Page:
The digestion of protein in the rumen releases ammonia. If there is excess ammonia it is absorbed through the rumen wall into the blood stream and converted to urea in the liver. Most of the urea is excreted in the cow’s urine although some passes into the milk.
If the diet is deficient in nitrogen, then the urea is not excreted, but recycled back into the rumen and converted back to ammonia.
Interpreting MU Values
Recommended dietary crude protein (CP) requirements and the approximate MU levels at different stages of lactation are shown in the table below.
|Early lactation||Mid lactation||Late lactation|
|Minimum CP% in diet||18||16||14|
|Approximate MU (mg/dl)||25-40||25-30||20-25|
In New Zealand pasture-based systems, MU levels are higher than in systems where cows are fed a total mixed ration (i.e. USA, Western Europe). This is due to the high amount of crude protein (about 20%) in good quality pasture.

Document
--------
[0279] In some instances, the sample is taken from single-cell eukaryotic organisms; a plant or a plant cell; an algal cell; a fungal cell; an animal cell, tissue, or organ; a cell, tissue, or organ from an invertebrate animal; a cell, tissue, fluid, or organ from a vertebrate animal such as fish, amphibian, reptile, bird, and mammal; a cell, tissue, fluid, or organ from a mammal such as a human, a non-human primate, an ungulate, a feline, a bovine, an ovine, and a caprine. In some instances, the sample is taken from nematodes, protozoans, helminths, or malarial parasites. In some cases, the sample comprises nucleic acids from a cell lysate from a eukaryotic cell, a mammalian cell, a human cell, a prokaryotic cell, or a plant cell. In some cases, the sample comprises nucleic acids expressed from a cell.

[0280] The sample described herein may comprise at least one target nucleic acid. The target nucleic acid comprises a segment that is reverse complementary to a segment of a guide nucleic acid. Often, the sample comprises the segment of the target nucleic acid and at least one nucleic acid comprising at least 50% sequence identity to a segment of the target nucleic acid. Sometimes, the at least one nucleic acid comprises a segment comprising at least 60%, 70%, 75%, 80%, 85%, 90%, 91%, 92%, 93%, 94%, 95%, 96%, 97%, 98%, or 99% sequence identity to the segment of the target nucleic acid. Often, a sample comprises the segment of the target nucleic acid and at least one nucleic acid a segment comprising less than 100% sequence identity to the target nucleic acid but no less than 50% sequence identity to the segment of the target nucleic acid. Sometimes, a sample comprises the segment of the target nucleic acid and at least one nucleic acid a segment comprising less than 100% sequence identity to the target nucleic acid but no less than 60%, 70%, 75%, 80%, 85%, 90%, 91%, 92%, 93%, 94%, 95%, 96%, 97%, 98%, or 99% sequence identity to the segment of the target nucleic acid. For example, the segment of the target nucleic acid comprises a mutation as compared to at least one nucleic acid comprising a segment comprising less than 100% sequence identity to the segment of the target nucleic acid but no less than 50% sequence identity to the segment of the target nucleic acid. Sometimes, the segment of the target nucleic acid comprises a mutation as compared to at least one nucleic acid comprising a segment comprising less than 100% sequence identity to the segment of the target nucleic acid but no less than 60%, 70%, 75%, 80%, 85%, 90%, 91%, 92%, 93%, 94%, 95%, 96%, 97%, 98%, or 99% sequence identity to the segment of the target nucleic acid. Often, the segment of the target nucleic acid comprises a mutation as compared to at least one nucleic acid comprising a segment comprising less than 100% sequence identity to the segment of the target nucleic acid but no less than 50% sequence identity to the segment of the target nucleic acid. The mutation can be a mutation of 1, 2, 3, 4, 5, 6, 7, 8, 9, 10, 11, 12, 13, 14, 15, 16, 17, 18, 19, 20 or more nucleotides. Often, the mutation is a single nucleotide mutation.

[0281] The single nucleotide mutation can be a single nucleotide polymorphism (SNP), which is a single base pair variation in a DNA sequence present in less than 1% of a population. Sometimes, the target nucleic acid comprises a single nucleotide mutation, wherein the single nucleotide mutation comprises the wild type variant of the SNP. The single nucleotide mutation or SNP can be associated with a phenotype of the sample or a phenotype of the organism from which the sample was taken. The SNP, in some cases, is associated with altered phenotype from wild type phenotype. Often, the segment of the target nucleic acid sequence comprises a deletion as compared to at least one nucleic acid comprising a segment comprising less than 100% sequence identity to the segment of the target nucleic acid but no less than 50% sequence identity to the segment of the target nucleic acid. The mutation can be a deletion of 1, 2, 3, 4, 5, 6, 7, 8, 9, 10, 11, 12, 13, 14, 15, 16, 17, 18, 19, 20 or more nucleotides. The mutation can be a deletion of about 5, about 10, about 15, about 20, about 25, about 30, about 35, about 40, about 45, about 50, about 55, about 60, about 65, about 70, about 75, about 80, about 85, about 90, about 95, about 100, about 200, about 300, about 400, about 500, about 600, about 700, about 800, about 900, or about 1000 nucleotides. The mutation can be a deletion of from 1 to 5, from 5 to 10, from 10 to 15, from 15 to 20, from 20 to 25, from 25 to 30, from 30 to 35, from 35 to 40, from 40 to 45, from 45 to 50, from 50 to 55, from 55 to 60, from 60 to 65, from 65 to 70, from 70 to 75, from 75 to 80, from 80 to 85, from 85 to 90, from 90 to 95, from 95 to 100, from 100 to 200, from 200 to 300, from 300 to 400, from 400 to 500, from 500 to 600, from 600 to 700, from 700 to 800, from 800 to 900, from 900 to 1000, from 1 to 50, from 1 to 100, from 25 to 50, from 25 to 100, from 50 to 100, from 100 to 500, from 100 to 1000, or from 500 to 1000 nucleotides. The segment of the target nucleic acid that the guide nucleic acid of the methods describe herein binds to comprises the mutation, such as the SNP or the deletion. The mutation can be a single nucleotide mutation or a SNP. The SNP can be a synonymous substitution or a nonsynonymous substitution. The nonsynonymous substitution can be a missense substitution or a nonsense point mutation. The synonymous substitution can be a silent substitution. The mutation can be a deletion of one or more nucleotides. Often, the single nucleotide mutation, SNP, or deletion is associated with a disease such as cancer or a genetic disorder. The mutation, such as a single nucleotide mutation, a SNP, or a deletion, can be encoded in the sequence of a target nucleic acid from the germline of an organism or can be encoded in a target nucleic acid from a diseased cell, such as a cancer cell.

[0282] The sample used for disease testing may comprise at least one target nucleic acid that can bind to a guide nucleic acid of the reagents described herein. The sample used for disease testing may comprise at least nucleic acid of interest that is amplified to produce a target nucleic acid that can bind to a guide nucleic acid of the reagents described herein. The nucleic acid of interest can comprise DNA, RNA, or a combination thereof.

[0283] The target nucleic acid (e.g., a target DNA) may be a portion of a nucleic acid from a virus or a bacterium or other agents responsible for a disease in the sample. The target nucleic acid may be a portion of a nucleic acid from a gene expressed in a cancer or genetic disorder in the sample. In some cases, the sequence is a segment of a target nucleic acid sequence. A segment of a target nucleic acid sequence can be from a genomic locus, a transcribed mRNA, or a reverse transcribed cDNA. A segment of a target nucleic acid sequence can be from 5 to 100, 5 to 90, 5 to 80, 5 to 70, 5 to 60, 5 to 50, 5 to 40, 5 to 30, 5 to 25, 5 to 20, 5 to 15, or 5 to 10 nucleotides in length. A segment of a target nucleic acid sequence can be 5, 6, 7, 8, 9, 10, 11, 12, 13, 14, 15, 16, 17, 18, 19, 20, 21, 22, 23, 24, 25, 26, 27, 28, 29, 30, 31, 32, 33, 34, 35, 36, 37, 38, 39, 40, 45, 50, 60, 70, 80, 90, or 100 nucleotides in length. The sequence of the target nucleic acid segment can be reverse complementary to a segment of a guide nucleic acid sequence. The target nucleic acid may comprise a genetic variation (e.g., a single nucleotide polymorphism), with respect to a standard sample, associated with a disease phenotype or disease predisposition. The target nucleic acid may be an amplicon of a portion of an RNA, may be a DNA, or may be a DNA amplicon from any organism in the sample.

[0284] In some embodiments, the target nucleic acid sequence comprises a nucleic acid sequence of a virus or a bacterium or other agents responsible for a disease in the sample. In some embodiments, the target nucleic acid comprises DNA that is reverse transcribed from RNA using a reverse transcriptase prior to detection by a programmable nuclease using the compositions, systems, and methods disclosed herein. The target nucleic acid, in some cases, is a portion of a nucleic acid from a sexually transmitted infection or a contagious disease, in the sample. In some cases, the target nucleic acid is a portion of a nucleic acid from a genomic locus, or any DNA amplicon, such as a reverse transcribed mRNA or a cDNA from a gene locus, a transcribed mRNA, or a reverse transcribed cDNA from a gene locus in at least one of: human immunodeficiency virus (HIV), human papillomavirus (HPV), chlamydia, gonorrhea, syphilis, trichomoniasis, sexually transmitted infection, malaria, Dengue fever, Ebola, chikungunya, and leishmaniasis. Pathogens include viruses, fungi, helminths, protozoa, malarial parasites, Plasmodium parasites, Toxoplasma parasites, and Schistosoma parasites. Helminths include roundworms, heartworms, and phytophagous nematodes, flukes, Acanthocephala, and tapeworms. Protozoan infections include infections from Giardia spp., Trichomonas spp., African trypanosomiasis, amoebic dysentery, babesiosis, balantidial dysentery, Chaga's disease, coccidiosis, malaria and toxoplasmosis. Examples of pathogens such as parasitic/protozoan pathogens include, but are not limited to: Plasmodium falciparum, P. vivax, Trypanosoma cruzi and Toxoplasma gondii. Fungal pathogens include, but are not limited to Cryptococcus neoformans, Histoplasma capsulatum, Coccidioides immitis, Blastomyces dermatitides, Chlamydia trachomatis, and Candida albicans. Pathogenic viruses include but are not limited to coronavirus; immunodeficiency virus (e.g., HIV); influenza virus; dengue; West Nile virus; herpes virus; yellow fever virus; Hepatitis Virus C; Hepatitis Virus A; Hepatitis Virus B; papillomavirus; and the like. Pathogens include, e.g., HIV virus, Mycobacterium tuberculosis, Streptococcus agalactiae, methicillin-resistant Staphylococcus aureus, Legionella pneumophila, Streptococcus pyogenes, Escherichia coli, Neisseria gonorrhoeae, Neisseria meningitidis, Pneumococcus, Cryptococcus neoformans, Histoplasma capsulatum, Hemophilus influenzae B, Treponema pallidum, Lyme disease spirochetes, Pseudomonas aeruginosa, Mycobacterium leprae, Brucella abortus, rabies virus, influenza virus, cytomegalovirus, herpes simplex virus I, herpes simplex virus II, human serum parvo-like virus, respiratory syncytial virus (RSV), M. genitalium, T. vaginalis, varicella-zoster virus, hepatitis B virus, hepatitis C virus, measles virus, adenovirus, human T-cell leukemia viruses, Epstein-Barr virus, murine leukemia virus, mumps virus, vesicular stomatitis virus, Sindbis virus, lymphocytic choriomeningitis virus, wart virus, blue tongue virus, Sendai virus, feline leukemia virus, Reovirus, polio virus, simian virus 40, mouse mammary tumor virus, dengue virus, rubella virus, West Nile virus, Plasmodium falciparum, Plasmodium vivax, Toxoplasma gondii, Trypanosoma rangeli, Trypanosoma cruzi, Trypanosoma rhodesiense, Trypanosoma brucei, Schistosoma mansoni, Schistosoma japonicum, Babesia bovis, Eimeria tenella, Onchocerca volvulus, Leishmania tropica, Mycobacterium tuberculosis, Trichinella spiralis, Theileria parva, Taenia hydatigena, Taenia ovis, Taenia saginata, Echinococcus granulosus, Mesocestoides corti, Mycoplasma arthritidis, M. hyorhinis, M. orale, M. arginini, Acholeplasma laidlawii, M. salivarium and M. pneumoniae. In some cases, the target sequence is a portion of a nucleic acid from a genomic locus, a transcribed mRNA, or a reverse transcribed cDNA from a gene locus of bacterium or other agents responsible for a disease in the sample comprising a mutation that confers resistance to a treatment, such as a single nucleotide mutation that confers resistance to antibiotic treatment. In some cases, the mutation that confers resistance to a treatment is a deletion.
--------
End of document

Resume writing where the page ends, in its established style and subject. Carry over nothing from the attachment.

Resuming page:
When pasture makes up more than 60% of the diet (low-input systems) MU levels can often be greater than 30 mg/dl. Research suggests that these high MU values are not detrimental to the health or reproductive performance of the cow.
When pasture is less than 60% of the diet (higher-input systems) MU may be used as a tool to help guide ration changes (e.g. help to decide when to put in or to pull out expensive protein supplements).
Factors affecting milk urea
The main factor affecting MU in pasture-based systems is the amount of protein in the diet.
Other factors include water intake, cow condition, stage of lactation, season, genetics, milking frequency, rumen health, and liver function among others.